There are abundant reasons why a person may warm to this excellent book – just the two dozen photos alone get you well on the way to justifying the cover price.
One of the hardest to tear one’s eyes from is captioned “Jock Stein makes his frustrations clear to Internazionale’s manager, Helenio Herrera, at half time during the 1967 European Cup Final in Lisbon.”
Stein was the then manager of Celtic. Both men are elegantly suited and walking side by side, although Stein is bellowing his “frustrations” directly into Herrera’s face, in a style often known today as “talking to the fourth official.”
What is truly odd about the picture though, is that while one is a little angrier than the other, they seem to be strolling through a park on a summer’s day. Nothing suggests a football match is even taking place, let alone the final of what UEFA likes to boast is “the world’s greatest club competition.”
This startling image epitomises what the book does so well – provide a surprising and intimate glimpse from long before Sky and Blatter got their hands on anything. Matt Busby, Bill Shankly and the slightly younger John “Jock” Stein were all from Scotland’s mining south-west, where according to Busby biographer Patrick Barclay, besides football “their only other form of entertainment was smoking.”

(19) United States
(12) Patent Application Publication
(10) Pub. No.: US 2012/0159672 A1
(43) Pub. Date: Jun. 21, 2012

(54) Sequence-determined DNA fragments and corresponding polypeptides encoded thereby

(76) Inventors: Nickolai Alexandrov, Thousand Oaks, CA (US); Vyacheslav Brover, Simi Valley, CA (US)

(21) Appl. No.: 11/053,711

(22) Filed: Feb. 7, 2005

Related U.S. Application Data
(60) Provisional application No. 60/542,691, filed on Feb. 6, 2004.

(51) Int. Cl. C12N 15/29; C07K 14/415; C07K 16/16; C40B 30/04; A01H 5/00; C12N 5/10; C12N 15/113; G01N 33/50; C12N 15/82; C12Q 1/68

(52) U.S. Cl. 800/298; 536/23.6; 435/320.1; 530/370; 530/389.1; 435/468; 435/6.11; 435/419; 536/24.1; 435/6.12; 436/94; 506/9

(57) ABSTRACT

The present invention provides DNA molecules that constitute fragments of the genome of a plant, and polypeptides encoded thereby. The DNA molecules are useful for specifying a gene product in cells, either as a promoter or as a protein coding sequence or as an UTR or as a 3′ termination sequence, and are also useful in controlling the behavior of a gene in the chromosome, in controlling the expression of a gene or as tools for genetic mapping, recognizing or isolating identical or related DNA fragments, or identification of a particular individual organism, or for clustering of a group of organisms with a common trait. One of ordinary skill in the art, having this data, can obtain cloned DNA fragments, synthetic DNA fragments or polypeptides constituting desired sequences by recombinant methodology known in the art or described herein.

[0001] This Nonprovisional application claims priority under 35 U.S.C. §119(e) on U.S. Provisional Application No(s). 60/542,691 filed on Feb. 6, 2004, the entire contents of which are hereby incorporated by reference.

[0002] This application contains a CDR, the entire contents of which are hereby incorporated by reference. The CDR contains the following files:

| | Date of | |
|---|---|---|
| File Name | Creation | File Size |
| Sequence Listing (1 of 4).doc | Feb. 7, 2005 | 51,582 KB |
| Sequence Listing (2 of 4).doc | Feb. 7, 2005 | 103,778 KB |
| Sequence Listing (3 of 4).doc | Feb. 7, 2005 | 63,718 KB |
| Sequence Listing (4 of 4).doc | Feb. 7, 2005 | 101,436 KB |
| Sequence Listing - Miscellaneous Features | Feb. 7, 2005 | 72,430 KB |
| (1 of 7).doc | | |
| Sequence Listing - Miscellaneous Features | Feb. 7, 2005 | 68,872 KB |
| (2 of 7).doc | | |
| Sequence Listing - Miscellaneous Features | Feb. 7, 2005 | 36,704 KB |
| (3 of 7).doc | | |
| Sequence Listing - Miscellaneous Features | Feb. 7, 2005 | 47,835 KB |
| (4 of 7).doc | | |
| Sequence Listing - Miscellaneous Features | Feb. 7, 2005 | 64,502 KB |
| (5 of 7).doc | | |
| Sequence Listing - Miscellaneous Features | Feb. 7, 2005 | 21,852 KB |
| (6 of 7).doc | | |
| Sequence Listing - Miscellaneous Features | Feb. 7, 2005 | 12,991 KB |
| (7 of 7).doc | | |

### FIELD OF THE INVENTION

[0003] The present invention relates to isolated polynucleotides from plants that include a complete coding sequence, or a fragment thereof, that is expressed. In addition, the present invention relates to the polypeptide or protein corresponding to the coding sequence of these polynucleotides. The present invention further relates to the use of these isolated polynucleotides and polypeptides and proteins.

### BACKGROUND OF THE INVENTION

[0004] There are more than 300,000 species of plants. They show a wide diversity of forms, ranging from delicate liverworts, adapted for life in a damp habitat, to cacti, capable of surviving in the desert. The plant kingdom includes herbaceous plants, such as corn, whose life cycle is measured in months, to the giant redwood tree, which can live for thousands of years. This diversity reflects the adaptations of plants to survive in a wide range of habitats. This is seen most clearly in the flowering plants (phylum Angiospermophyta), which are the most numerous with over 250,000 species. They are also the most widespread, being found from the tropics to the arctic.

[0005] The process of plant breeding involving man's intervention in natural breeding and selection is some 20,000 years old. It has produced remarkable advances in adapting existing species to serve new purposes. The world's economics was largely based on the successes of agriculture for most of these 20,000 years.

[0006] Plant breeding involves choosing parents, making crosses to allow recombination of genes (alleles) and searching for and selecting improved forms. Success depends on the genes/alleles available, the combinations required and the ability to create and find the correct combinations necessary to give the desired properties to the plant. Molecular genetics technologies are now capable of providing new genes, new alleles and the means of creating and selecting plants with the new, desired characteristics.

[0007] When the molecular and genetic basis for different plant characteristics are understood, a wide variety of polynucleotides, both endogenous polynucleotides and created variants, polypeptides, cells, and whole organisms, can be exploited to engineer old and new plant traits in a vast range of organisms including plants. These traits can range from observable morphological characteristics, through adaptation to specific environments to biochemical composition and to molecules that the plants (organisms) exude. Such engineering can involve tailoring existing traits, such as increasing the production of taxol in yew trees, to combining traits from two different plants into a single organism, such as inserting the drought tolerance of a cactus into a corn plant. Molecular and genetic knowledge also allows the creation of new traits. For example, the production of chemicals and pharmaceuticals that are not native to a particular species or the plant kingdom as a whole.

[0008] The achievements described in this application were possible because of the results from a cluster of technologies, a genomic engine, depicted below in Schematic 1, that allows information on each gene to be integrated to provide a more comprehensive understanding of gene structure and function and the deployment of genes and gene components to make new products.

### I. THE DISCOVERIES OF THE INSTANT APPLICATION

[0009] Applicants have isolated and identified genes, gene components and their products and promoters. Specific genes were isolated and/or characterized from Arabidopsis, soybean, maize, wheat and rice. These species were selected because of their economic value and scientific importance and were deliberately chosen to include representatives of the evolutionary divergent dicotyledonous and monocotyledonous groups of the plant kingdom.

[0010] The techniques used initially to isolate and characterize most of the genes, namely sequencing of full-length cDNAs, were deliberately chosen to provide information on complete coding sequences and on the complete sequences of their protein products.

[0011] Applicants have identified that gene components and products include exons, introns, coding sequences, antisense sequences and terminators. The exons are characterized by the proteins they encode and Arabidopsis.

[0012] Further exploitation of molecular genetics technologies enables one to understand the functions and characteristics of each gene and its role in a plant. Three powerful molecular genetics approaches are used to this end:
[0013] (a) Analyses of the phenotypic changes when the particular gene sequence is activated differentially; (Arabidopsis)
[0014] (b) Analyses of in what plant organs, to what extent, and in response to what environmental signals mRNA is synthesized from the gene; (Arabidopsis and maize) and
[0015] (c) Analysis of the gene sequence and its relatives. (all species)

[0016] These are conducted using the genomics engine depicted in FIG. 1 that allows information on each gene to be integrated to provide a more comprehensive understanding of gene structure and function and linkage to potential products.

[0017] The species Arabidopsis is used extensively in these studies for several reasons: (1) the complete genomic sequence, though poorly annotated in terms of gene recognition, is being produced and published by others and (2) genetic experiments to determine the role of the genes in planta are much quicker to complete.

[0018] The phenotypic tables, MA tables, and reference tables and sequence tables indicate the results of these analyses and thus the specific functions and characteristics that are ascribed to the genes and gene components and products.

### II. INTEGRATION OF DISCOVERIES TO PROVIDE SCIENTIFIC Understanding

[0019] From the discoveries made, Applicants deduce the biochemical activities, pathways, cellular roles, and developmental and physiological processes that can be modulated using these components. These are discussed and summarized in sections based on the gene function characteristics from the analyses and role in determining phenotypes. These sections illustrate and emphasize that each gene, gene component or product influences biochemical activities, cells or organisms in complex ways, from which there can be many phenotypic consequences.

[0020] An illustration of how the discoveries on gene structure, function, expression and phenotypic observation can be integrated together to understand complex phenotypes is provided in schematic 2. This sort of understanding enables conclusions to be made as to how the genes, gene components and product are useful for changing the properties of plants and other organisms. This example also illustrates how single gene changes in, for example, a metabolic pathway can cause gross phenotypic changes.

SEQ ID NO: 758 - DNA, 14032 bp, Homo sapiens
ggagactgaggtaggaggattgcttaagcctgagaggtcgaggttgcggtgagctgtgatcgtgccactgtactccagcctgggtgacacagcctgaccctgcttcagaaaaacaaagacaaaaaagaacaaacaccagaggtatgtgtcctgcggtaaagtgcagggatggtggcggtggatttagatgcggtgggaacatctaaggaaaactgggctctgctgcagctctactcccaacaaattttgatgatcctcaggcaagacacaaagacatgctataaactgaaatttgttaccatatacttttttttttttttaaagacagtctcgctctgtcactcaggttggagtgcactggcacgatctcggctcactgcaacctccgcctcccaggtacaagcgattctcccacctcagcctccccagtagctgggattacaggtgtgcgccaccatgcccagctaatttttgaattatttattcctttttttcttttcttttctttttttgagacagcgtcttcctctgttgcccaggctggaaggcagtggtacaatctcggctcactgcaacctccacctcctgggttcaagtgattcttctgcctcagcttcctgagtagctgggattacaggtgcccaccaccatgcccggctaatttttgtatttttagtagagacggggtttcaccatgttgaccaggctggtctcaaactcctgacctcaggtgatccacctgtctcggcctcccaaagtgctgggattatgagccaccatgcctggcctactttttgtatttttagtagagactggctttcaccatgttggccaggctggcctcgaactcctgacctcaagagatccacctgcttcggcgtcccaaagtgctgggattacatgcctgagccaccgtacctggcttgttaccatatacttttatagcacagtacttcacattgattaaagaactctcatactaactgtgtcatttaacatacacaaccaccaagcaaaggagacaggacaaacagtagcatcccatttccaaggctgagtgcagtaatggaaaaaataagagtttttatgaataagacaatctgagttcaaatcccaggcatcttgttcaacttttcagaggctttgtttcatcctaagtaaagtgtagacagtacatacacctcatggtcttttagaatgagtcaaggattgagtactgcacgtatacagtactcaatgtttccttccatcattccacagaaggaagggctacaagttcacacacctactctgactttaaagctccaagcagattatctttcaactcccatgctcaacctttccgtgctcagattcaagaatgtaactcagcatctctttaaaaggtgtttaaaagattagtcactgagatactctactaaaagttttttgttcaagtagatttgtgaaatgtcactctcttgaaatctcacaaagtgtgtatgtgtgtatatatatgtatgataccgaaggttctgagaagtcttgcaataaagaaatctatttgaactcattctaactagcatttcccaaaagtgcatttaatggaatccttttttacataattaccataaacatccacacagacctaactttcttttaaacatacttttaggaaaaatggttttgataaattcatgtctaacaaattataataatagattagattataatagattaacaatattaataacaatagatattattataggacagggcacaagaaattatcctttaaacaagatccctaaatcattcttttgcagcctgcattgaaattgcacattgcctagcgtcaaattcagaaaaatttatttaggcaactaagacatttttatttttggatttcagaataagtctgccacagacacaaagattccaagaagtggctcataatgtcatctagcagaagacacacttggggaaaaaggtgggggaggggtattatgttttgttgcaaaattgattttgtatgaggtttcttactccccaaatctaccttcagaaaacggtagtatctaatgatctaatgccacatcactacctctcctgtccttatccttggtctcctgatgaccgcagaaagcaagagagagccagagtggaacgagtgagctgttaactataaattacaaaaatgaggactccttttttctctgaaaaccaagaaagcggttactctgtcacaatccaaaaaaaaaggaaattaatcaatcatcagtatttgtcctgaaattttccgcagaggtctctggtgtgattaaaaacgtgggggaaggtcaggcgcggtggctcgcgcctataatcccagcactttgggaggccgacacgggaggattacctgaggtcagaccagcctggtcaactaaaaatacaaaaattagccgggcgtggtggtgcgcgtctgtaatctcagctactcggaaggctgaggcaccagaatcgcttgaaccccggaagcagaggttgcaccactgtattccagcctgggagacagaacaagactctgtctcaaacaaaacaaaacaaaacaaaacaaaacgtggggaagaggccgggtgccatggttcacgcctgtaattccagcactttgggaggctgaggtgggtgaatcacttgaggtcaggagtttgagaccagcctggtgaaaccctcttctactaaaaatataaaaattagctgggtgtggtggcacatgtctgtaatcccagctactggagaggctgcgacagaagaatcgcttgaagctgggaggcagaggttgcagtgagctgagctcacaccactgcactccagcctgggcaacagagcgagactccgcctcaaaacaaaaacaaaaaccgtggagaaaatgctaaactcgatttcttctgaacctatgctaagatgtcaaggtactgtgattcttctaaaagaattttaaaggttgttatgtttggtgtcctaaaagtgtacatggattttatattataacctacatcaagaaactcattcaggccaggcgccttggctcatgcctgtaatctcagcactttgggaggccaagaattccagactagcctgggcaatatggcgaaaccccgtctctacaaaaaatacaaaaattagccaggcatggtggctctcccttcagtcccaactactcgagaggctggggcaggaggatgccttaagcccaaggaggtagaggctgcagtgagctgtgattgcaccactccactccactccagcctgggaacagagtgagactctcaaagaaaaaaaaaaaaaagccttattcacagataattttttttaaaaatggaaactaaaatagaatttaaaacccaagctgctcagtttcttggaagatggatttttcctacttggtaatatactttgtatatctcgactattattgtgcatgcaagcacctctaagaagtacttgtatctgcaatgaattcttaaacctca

All three spent some time making a subterranean living during a pre-war period which at times reads like John Steinbeck. Even as football professionals, hardship is everywhere. Busby arrives at Old Trafford to find it flattened by the Luftwaffe. Shankly – who looks Victorian in photos of him as a player – describes a dilapidated Anfield in the early sixties as “the biggest toilet in Liverpool.”
Yet the décor is irrelevant – when Real Madrid attempt to lure Busby as a manager he tells them “Manchester is my heaven,” a sentiment still displayed in banner form at Old Trafford today.
The stories of all three are an inspiration to anyone who has ever felt their background to be a hindrance to getting ahead but best of all is the relentless detail.
Shankly grabbing the announcer's microphone at Carlisle and bellowing “This is your manager speaking,” Stein losing his composure when a player orders a pre-match prawn cocktail, but also allowing members of the public in their street clothes to join in with Celtic training and Busby giving his half time team talk in the 1968 European Cup final in trilby and smoking a pipe.
At the final whistle after winning the European Cup in Lisbon, many Celtic players have to fight their way through the kilted hordes that have invaded the pitch to Ronnie Simpson’s goal, “where many of them had left the false teeth they now required for smiles of victory.”
It’s rich, moving and entertaining without pause, just the kind of material that would make an excellent documentary. And on the dust flap at the end comes the stirring announcement that before long, it will be.
Busby, Shankly, Stein, The Three Kings, by Leo Moynihan and Jonny Owen. Quercus, £20